Understanding Black history is a step toward healing intergenerational trauma

Acknowledging Our Past: The Importance of Inclusive Land and Labor Acknowledgments

As we celebrate Black History Month, it is crucial to reflect not only on the achievements and resilience of the Black community but also on the historical injustices that have shaped the United States and Maine. In recent years, there has been a growing awareness of the need for land acknowledgments, recognizing the Indigenous peoples on whose land we stand. It is equally important to extend these acknowledgments to encompass the labor that built this nation, often extracted from enslaved African people. On the first day of Black History Month, 2024, we are exploring the significance of including labor acknowledgments alongside land acknowledgments and sharing some best practices to ensure a respectful and inclusive approach.

Understanding Our History

The United States has a complex history, built on land taken from Indigenous people, using the forced labor of people taken from their homelands in Africa.  Recognizing this history is not about dwelling on guilt but acknowledging the systemic injustices that have shaped our nation. By understanding the interconnectedness of land and labor exploitation, we take the first step towards creating a more inclusive and equitable society.

The Role of Acknowledgments

Land acknowledgments have become a common practice at events, acknowledging the traditional territories of Indigenous peoples. It is equally important to extend this acknowledgment to the labor that played a pivotal role in building this nation. Enslaved Africans provided much of the labor that fueled the economic prosperity of the early United States. By recognizing both land and labor, we honor a more complete scope of historical contributions and acknowledge the ongoing impacts of systemic oppression.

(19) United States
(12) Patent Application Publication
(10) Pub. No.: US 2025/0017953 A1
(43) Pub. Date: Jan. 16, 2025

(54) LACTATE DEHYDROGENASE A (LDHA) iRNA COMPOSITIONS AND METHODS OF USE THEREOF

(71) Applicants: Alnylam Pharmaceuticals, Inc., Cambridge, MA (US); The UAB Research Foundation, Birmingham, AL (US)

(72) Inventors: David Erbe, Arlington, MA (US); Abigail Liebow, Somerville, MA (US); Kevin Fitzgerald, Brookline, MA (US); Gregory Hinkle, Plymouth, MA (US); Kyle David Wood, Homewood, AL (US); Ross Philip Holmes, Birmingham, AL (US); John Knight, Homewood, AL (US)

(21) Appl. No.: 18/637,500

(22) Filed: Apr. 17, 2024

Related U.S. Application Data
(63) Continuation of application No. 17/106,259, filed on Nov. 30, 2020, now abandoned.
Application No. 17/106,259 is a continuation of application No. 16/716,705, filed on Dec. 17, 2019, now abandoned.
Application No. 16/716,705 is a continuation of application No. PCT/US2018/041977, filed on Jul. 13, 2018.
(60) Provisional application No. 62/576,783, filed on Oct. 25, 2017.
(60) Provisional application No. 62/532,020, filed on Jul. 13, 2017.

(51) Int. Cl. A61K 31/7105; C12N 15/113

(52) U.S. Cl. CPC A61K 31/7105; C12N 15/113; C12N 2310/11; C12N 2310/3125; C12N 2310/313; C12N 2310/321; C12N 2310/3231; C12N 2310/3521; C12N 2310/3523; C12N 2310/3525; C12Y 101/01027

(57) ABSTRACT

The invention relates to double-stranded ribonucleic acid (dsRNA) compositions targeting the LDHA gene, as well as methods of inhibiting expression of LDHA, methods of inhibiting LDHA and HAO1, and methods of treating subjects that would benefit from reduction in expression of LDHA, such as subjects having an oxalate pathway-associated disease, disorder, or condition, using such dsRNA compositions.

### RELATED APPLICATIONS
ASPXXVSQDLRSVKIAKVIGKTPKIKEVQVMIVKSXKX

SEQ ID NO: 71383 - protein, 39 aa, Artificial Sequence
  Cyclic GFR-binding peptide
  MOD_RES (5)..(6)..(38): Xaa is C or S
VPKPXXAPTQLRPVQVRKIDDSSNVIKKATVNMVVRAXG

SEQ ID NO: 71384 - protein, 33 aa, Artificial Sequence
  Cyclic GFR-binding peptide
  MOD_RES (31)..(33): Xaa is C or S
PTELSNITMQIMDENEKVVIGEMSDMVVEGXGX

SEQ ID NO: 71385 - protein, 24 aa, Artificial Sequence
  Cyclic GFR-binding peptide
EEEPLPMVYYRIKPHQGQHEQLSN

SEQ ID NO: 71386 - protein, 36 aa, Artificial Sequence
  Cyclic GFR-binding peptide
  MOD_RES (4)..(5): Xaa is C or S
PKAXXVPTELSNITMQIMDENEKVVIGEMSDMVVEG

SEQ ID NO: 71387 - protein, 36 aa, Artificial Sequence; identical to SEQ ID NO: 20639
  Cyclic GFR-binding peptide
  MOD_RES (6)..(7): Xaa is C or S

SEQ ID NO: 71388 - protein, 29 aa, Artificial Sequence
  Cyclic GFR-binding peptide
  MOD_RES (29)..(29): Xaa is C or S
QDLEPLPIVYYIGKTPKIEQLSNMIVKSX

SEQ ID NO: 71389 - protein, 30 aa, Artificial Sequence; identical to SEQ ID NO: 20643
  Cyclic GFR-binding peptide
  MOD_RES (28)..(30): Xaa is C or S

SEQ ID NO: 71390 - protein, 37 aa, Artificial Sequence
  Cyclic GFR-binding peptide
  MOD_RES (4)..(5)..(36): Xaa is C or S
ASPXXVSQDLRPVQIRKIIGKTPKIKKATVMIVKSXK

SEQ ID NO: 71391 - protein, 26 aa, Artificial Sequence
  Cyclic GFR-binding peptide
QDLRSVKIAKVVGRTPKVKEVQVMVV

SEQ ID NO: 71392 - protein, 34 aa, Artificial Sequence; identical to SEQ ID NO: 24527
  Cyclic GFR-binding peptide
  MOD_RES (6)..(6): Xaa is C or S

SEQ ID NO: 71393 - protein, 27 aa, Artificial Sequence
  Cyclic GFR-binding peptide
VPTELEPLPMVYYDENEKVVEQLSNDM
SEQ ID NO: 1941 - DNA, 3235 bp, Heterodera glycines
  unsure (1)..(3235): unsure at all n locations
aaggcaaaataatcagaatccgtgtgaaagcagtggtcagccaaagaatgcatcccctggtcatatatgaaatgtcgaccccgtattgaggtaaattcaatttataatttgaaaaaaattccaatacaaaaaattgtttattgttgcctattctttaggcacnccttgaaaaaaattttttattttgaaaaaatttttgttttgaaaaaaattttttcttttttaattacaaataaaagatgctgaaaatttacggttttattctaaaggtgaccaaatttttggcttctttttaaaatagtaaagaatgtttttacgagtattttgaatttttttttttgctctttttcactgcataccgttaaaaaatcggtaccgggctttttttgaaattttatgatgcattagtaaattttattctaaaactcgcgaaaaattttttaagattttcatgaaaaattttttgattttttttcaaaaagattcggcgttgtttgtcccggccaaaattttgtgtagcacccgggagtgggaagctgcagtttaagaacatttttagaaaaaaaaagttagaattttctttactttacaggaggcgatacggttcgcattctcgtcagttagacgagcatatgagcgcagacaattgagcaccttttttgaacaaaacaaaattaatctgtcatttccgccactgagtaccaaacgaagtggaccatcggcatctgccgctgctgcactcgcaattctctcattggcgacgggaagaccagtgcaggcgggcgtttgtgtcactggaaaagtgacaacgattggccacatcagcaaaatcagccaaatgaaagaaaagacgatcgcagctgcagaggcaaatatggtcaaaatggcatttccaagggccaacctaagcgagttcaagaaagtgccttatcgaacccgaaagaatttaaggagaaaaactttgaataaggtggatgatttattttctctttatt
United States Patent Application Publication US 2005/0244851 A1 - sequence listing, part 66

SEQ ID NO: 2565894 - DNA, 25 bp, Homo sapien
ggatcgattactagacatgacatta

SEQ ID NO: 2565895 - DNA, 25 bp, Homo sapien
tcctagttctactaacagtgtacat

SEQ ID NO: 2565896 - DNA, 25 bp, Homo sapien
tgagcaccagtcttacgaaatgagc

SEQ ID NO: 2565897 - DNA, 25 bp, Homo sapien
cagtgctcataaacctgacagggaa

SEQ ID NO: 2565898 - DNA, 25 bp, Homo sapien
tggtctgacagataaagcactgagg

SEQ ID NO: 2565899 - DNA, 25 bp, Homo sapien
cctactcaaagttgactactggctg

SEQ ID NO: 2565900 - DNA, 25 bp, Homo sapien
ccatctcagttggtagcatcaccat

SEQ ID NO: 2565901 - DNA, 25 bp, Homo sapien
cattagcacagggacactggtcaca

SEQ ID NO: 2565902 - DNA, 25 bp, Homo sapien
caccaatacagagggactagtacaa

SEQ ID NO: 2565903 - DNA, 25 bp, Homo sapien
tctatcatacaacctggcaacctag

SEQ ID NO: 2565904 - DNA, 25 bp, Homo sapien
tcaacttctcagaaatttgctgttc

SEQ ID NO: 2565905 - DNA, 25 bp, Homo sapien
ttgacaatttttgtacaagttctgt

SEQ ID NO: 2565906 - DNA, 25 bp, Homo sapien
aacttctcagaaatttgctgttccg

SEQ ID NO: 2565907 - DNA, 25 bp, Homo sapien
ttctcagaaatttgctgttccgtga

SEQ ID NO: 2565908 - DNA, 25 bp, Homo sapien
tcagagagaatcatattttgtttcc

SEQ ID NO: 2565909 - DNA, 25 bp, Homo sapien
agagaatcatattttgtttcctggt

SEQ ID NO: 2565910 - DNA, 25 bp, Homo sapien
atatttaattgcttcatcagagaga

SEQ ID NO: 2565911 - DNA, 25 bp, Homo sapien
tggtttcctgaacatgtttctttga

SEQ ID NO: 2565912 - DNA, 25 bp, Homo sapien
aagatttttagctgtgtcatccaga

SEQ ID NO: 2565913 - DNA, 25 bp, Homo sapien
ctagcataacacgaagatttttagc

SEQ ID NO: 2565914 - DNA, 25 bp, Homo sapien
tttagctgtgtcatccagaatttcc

Best Practices

  • Selecting Acknowledgment Readers: It is essential to choose acknowledgment readers thoughtfully. The acknowledgment should not be read by an African American whose ancestry is rooted in slavery, as it is not their responsibility to remind us of the trauma and injustices their ancestors endured, a legacy of harm that they continue to endure today. While a Black immigrant may read the acknowledgment, it is important to recognize the distinction between African immigrants and Black people whose ancestors' stolen labor built much of the wealth of this nation.


  • Include Location-specific Information: It is important to be intentional about incorporating any specific history of the place where the event is being held. This practice increases awareness of the relevance of the acknowledgement, especially in places that are not often seen as having benefited from slavery.


  • Follow Acknowledgments with Action Plans: Mere words without actions can resurface trauma. After acknowledging historical injustices, it is crucial to outline positive action plans. Encourage education, dialogue, and community involvement to address systemic issues and build a more equitable society.


  • Community Education: Foster a culture of learning and understanding by providing resources and educational opportunities. Encourage individuals to educate themselves about the history of where they call home, promoting a deeper appreciation for the diverse contributions that have shaped our communities.


  • Promote Allyship: Encourage individuals to be allies in the fight against systemic racism. This involves actively listening to marginalized voices, amplifying their stories, supporting honest history being taught in our classrooms, and working together to create positive change.

In recognizing both land and labor acknowledgments, we honor a more complete spectrum of the contributions that have shaped our nation. Black History Month is not just a time to celebrate achievements but also an opportunity to reflect on historic injustices that persist today. By incorporating inclusive acknowledgments into our events and following them with meaningful action plans, we take a step towards healing intergenerational trauma and building a better, more equitable place for everyone. You can find the Permanent Commission’s Land and Labor Acknowledgement here.